In two generations, the descendants of Gérard Schmitter have established a European leader in river cruising: 55 boats, 1,700 employees, 196 million euros in turnover. In one year, just after the arrival of the third generation, the whole company almost collapsed. “We felt the consequences of the crisis as a profound injustice, because we had not made any management errors. Cruises were a bit of a scapegoat for this health crisis”, analyzes Christian Schmitter, president of CroisiEurope. In April 2020, the Covid docked the entire fleet. Annual turnover collapsed to 19 million euros. The company used three state-guaranteed loans (PGE) to meet its obligations.
Recapitalization this summer
During the confinement, it was necessary to keep 120 employees in operation to guard the boats and reassure customers. In order to get out of its financial impasse, CroisiEurope had to be recapitalized this summer by the members of the founding family. The threats of a forced opening of the capital or the sale of part of the assets weighed like the swords of Damocles. They could be discarded “after terrible negotiations with the banks”, recalls Monique Jung, director of Adira, the Alsatian economic development agency which supported and advised the company when it found itself weakened. Family shareholders had until then become accustomed to double-digit annual growth and profitability of around 3%.
“We have been saved since July 2021”, confirms Lucas Schmitter, commercial director of CroisiEurope. Funny baptism of fire for the heirs of the third generation. Lucas, Kim, Deborah and Jordan Schmitter, all under 30, have just taken on responsibilities in the family business. Like their parents, they are four operational family members and share complementary functions: commercial, hotel, navigation, finance.
Twenty years of experience in a year of Covid
“We grew up on the boats with our nannies. The parents quickly gave us responsibilities. They count on us, they trust us, we are training but we don’t yet have all the keys”testifies Lucas Schmitter, holder of a Master’s degree from the Strasbourg School of Management. “The Covid crisis has given us twenty years of experience. Last year, we spent our time doing and undoing, canceling cruises, rescheduling them, reassuring customers. The bankruptcy of Thomas Cook has nevertheless left a slate of several hundred thousand euros”explains Lucas Schmitter.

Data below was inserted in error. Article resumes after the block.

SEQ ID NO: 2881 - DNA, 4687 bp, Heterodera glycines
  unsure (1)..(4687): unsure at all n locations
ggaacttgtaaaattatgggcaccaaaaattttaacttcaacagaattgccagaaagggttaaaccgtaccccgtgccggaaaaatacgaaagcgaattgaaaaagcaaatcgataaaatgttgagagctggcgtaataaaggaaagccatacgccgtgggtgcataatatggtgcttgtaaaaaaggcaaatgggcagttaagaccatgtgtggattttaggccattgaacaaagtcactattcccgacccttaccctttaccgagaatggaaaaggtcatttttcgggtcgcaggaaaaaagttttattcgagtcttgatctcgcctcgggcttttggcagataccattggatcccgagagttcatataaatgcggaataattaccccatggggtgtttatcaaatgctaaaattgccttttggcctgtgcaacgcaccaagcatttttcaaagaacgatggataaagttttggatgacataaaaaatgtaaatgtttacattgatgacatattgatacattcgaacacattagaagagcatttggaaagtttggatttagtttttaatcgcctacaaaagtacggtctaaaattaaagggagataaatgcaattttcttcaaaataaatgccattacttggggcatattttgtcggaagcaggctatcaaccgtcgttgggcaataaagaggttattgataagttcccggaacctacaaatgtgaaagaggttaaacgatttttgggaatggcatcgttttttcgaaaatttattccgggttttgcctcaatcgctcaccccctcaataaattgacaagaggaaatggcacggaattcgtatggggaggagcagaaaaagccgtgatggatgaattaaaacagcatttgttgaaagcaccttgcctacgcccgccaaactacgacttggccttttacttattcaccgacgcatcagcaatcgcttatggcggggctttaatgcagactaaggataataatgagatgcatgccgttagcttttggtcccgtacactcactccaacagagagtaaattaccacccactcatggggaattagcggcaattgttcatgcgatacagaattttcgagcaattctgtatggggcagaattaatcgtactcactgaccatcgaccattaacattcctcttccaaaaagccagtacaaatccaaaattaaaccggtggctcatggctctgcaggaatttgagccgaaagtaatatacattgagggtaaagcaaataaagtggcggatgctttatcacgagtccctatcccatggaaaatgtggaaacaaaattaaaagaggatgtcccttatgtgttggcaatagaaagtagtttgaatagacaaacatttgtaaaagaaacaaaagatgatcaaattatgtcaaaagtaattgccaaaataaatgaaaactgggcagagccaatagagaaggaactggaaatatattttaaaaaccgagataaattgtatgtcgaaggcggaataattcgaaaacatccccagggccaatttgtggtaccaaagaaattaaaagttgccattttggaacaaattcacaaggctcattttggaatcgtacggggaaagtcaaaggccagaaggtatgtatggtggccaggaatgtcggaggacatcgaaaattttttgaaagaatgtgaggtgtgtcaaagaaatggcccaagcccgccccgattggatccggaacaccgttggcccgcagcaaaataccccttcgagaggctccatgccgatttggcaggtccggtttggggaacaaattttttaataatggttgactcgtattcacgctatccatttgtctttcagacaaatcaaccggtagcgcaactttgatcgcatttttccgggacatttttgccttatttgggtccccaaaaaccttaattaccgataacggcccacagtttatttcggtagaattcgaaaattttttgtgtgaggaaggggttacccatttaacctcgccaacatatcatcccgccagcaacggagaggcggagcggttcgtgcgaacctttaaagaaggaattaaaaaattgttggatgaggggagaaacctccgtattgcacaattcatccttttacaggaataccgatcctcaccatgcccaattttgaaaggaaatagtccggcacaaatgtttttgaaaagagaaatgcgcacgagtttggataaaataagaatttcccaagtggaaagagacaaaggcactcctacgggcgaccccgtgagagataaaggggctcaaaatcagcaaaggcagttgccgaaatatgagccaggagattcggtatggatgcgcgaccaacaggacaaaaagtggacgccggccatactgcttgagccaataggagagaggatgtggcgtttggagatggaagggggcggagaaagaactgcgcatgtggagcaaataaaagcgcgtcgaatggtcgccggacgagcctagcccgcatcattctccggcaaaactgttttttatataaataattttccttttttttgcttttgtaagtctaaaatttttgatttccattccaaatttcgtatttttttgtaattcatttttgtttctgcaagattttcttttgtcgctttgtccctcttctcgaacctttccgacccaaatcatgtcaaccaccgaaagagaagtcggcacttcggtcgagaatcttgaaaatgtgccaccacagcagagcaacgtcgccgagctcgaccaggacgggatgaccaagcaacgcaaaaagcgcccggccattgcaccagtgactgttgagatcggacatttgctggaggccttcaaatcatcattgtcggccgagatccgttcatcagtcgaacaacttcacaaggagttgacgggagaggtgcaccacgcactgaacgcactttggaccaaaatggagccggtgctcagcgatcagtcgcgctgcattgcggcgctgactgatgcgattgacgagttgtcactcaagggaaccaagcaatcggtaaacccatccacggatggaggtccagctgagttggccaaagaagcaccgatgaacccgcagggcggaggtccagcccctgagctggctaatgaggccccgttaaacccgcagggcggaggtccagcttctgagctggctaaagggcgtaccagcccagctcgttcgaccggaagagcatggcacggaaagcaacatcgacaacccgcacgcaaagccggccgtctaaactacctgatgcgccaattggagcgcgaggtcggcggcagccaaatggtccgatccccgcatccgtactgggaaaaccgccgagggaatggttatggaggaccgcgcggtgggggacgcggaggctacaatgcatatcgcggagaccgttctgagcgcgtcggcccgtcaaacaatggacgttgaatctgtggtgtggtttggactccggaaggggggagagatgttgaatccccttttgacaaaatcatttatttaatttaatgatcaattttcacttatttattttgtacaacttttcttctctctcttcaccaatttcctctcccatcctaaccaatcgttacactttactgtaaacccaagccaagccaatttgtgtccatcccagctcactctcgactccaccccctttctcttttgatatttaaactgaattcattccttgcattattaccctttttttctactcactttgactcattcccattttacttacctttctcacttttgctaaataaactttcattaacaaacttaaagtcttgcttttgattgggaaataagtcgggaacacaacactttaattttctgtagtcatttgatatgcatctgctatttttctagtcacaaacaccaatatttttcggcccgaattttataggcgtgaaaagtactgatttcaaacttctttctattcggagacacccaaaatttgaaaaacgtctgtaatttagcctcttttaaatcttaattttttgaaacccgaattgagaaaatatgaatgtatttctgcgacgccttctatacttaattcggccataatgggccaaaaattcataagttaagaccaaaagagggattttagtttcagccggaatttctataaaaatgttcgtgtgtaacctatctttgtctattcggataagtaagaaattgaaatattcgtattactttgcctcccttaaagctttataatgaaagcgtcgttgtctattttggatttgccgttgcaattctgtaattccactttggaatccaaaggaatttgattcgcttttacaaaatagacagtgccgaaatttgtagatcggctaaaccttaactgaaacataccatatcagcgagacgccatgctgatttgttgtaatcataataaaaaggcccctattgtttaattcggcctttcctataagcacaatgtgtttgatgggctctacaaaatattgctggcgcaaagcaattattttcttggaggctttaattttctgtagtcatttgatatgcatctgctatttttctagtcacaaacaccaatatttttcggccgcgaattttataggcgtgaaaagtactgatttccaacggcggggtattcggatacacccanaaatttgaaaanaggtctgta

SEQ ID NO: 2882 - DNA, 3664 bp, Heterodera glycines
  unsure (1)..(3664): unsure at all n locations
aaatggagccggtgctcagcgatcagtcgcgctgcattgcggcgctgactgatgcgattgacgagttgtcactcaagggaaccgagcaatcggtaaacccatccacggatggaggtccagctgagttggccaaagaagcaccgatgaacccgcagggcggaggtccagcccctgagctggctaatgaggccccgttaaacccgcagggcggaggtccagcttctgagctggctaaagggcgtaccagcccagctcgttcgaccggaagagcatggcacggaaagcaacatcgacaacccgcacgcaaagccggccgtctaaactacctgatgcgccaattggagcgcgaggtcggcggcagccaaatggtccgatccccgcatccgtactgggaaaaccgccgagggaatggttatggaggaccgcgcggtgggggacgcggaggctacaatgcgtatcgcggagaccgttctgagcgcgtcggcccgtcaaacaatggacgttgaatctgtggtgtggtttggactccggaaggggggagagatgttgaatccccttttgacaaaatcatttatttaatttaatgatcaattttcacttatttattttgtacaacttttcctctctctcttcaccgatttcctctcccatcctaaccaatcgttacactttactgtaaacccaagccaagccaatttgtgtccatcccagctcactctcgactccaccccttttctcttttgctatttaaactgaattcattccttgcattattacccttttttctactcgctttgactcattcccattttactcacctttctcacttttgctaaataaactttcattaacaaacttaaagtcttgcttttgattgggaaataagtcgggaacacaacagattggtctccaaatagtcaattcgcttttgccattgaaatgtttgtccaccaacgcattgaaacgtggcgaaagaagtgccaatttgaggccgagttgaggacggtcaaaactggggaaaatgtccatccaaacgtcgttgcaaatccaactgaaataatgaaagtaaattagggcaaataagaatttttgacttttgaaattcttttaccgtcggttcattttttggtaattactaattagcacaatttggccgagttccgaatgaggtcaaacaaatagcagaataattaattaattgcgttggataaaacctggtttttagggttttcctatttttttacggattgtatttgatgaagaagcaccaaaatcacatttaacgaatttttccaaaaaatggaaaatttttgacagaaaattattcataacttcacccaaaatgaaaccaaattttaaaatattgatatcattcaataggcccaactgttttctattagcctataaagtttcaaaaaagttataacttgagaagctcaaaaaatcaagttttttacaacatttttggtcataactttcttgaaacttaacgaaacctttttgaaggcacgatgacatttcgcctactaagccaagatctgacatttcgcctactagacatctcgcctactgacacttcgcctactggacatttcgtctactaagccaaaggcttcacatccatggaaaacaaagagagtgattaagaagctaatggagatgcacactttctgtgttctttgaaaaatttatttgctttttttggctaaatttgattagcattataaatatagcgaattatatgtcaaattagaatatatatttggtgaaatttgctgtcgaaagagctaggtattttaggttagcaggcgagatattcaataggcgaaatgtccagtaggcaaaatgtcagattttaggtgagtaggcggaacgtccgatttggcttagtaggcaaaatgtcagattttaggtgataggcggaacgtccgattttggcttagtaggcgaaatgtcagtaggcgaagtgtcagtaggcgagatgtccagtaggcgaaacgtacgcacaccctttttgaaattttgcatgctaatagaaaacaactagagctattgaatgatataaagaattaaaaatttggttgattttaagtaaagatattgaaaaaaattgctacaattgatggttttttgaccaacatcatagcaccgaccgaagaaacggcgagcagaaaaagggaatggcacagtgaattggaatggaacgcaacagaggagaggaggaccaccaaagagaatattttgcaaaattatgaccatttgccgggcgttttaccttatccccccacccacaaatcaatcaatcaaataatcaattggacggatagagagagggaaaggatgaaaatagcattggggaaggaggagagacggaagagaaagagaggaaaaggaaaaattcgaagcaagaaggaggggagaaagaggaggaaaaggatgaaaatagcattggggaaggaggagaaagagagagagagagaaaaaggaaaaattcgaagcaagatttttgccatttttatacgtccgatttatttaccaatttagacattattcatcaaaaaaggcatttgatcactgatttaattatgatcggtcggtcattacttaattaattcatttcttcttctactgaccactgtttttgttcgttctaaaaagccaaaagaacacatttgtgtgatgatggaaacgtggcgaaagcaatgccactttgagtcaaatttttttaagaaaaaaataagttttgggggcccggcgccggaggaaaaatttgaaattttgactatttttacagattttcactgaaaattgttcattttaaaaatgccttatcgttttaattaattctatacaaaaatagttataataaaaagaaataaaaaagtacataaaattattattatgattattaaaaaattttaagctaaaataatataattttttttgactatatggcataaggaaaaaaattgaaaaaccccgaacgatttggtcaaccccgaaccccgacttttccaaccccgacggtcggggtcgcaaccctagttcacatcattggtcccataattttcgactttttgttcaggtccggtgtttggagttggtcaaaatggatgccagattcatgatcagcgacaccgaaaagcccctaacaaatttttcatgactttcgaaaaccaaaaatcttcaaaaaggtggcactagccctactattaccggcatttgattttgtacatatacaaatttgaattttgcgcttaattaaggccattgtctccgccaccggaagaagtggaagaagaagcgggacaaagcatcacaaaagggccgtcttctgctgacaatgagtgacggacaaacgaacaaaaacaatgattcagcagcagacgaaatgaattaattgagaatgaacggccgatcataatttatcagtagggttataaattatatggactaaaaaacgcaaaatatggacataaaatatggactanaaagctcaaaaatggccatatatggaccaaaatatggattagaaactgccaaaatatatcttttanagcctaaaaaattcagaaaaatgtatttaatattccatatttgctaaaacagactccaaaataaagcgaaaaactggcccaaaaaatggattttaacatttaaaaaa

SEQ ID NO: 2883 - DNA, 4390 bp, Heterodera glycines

This summer, the boats finally left the ports. The program offered to cruise passengers is further reduced, concentrated on the French rivers and the Mediterranean where a new maritime cruise ship, the Belle des Océans (130 passengers), sails between Nice and Corsica. The forecast turnover is between 85 million euros and 100 million euros for 2021. The resumption of more distant cruises, scheduled for a few years in Asia or Russia, will wait until 2022.
“CroisiEurope has become one of the flagships of the region, a global company with unparalleled know-how”, notes, admiring, Monique Jung. Growth has been steady since the purchase of a first boat by Gérard Schmitter, a former potter, public works contractor who became an organizer of dancing lunches on the Rhine in 1976. From 1993, the first boats of Alsace Cruises, soon to be renamed CroisiEurope , sailed to the Danube and Eastern Europe. In 2000, cruises were organized on the Elbe and the Po. The turnover then reached 45 million euros. In 2007, the first maritime cruises in the Adriatic coincided with the internationalization of the clientele (40% foreign attendance on the boats). In 2014, two years after the death of Gérard Schmitter, CroisiEurope ordered its first paddle steamer, the Loire Princesse, from the STX shipyard in Saint-Nazaire. Diversification continued with luxury barges, intended for canal navigation, and with a second maritime boat in 2020.
“We have always preferred organic growth to external growth, for a question of homogeneity of our boats”, argues Christian Schmitter. Out of 55 vessels in operation, 48 are directly owned. Seven boats were chartered before the crisis in Russia and on the Mekong.
There is no question of competing with the gigantic floating holiday clubs of the competition: the largest of the boats, the Belle de l’Adriatique, only accommodates 200 passengers. “The trend is slow tourism”, remarks Lucas Schmitter, who intends to imagine new “exotic” itineraries on the rivers in the United States, where CroisiEurope is not yet present. La Belle des Océans has already been called upon to sail on an unprecedented route, between Saint-Pierre-et-Miquelon and Canada.
Check out the other articles in the series:
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2/ How Billecart-Salmon champagne turned its back on London finance
3/ Rector Lesage, from Mulhouse, wants to produce prefabricated carbon-free concrete